Episode 11 – Ya Boy Kongming!

As both Eiko and Nanami awake on the verge of the ‘Climactic Final Battle’ in this episode of Hey Boy Kongming!, we can all guess what’s in store: Finally seeing what sort of plan ol’ Zhuge Liang has cooked up to score those 100,000 Likes! Sort of. We get to witness the opening volleys of such an attack, anyway, before this penultimate outing inevitably ends on a cliffhanger intended to keep us guessing before the proper finale next week. That’s the trick of entertainment though, isn’t it? Be it anime or music, holding the audience’s attention for as long as possible is the key to success. And sometimes, as this episode’s half of the hatched plan shows, allotting for competition and implementing outright deception is the best way to do that. The question then, is how receptive the audience will be, how much will they enjoy the revelation that they’ve been had?

“All warfare is based on deception” goes one of Sun Tzu’s most famous quotes. It’s a philosophy that has carried Hey Boy Kongming! all the way here, not just in the obtuseness of his schemes disguising their intent from the populace he always intends to point towards Eiko’s performances, but in how he never fully communicates them to us in the audience as well before those dramatic reveals. It’s a narrative device as old as Art of War itself, of course, and this show is still laying it on thick in the run-up to the finish here. Witness the blanket of fog that envelops the Tokyo area at the outset of this episode, serving the role of the ‘fog of war’ in both a thematic stage-setting way and a literal affect for the stage which Kongming rolls out for Eiko and Kabe to perform on. Did Ya Boy even manage to plan around the weather forecast? Given everything we’ve seen him pull off already, we can’t put it past him.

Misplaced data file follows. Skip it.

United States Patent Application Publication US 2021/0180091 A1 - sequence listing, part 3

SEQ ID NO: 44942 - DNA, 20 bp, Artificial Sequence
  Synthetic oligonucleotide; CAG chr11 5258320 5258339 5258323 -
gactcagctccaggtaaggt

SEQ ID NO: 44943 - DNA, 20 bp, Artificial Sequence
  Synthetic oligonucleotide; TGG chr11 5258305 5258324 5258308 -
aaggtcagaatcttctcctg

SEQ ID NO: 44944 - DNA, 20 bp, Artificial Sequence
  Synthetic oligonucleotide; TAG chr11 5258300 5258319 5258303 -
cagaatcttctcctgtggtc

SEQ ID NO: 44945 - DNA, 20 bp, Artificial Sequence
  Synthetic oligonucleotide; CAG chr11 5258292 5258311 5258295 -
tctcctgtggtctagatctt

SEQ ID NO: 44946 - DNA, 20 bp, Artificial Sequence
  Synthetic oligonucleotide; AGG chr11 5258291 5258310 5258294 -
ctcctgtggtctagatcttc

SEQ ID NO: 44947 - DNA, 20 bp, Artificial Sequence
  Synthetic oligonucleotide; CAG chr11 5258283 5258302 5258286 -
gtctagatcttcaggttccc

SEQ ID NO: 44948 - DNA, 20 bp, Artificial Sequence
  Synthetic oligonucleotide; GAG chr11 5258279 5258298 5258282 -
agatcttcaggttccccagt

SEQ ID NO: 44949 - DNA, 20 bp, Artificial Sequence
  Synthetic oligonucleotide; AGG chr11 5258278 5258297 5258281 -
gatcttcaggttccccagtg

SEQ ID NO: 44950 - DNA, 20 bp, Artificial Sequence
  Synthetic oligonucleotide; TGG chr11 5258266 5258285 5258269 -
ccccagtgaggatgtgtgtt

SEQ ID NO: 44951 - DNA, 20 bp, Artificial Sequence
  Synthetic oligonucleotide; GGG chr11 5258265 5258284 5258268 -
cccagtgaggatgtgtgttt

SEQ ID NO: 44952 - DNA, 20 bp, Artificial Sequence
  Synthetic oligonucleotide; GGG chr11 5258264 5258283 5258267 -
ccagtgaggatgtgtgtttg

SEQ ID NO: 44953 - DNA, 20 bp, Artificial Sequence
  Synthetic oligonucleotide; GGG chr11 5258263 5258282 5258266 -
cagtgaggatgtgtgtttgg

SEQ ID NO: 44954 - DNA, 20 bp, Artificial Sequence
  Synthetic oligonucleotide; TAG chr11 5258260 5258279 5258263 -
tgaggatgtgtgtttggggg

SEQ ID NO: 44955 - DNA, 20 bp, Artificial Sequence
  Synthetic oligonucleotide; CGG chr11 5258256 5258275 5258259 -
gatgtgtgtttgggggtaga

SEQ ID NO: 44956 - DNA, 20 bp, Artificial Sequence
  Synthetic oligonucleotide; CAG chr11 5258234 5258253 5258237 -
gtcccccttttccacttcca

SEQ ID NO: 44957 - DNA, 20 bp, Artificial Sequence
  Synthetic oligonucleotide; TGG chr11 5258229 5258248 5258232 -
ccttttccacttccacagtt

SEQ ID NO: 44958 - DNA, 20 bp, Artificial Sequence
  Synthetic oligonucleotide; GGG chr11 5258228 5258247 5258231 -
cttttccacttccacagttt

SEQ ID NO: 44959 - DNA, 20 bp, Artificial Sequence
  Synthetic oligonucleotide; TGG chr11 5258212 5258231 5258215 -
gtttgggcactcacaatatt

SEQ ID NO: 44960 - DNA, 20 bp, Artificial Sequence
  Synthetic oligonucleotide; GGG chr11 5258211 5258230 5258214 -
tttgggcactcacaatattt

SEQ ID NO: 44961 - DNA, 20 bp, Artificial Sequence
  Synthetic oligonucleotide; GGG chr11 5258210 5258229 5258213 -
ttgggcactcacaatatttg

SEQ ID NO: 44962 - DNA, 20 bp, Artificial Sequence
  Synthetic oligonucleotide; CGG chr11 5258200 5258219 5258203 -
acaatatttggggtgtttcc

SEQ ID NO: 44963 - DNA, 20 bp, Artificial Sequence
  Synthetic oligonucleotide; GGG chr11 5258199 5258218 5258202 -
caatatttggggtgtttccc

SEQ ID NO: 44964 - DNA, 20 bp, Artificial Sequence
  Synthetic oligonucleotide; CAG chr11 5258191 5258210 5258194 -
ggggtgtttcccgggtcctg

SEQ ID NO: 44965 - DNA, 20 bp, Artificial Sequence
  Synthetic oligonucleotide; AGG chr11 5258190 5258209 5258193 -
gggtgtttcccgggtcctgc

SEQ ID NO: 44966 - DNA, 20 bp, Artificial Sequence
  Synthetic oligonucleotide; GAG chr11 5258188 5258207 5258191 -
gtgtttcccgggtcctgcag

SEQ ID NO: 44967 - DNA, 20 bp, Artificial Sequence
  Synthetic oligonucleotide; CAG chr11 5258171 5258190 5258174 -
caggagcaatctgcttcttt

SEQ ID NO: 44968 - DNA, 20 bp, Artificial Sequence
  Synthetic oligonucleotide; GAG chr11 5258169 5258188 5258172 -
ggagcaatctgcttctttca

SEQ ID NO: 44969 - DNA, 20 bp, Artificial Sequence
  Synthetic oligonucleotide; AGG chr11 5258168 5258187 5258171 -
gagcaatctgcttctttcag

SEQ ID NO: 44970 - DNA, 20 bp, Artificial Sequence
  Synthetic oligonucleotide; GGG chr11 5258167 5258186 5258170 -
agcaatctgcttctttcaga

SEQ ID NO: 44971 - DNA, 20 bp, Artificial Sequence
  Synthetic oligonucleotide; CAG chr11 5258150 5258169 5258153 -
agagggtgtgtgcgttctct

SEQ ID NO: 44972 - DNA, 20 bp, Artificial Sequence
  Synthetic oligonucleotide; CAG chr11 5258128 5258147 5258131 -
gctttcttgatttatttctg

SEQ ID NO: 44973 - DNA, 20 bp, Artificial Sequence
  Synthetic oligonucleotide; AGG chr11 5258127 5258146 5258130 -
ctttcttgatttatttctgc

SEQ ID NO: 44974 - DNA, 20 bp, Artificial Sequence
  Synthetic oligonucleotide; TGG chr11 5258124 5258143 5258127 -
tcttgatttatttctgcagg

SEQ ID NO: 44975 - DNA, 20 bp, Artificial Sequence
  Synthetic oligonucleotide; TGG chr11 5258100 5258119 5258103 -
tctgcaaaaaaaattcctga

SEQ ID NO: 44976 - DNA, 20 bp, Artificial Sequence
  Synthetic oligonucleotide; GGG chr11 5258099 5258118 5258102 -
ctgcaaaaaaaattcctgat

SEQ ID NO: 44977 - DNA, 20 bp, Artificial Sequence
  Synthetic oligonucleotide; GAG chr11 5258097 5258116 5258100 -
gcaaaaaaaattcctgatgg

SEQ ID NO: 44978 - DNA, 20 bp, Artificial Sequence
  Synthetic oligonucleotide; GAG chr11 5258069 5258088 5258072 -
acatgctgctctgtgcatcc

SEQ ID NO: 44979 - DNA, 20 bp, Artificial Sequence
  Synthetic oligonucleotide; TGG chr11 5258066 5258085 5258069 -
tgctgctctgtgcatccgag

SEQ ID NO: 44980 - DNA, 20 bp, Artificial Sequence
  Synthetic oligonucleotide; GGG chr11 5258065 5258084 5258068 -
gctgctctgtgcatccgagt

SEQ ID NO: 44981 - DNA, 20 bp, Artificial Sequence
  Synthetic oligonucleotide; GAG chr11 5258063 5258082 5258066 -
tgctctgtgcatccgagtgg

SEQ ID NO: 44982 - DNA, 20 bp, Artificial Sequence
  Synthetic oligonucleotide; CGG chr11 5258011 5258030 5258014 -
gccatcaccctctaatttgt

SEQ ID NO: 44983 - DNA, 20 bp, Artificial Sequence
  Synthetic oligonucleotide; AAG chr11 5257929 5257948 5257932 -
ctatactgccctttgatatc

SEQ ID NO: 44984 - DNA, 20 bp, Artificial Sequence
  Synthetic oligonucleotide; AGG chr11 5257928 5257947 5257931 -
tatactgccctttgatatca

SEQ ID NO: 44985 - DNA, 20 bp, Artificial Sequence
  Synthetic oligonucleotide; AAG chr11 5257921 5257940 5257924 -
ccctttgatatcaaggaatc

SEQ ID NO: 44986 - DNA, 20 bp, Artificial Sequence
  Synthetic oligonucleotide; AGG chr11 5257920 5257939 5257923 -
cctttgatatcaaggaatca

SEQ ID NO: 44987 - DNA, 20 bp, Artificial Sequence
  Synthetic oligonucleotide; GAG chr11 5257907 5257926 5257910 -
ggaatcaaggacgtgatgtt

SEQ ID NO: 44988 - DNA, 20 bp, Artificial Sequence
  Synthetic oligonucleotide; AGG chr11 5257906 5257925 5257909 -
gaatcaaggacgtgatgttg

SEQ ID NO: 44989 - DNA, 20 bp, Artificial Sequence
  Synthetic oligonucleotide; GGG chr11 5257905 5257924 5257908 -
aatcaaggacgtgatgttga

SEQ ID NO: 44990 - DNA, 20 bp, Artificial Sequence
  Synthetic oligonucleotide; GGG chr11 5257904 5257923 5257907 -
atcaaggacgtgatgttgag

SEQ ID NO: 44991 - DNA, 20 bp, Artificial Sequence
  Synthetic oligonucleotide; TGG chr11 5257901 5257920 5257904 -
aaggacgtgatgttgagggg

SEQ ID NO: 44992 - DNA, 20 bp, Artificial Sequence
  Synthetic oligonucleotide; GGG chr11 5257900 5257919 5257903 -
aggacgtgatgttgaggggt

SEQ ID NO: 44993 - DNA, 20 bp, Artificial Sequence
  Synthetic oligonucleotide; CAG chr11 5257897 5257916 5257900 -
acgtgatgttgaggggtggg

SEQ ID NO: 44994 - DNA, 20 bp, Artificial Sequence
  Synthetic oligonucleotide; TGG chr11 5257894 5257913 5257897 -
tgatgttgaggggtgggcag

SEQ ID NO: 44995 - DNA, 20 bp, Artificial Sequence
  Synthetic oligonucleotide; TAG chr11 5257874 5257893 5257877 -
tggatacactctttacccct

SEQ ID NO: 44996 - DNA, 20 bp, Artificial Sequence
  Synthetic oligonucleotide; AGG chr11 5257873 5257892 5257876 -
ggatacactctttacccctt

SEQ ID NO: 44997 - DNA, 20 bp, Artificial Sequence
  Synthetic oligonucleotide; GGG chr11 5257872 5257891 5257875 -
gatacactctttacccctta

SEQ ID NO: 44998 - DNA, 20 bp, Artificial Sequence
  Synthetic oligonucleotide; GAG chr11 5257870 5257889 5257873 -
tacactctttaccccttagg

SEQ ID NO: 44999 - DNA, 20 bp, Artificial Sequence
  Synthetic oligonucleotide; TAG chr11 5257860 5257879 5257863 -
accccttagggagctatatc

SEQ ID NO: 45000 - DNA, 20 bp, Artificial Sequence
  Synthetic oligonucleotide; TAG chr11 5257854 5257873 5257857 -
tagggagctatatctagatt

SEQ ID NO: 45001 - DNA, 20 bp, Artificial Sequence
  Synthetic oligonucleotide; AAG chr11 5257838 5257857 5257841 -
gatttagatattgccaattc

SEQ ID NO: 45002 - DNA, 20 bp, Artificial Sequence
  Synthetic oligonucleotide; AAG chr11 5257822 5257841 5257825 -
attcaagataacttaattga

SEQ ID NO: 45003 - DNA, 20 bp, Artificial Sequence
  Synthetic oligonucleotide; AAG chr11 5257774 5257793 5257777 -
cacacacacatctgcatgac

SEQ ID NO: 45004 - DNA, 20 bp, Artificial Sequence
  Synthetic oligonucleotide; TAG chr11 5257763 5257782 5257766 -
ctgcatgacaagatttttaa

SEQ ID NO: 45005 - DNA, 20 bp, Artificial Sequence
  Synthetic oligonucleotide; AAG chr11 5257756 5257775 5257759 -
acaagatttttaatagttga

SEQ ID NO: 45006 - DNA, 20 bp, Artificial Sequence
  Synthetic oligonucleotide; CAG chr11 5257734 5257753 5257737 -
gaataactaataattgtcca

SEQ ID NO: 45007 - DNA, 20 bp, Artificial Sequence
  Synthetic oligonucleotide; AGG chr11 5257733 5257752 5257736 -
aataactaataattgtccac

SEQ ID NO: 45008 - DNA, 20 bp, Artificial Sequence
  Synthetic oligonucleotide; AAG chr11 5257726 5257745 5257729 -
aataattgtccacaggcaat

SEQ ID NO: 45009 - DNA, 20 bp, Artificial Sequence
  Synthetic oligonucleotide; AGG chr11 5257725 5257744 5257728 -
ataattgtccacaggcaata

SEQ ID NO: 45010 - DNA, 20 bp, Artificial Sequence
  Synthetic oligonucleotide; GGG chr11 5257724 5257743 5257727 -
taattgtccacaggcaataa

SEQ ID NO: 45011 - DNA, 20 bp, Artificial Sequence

That ‘deception’ angle which the part of the plan we see this episode is based around is the sort of thing I find myself torn on, though. Kongming turning classical military strategy philosophies into music-promotion methods has been the core concept from the start with this series, yes, but I feel like it potentially rubs up against the music-story side of things the anime has been equally hard at promoting in this arc. The lead-up to what turns out to be a dueling set of concerts features a whole scene with Nanami and the other members of Azalea, dressed like they’re going to their own funeral, as they grapple with their discontent over not using their own talents or their own songs in advancing their musical careers. It’s a theme that’s been central to development ever since we first glimpsed what Nanami’s deal was, so how does it ring when it’s revealed that Kongming’s plan, or step one of it anyway, is to piggyback off of Azalea’s own promotion, throwing out one of Their songs and flashing a surreptitious QR-code link in an effort to harvest Likes in some sort of social-media Trojan-Horse scheme?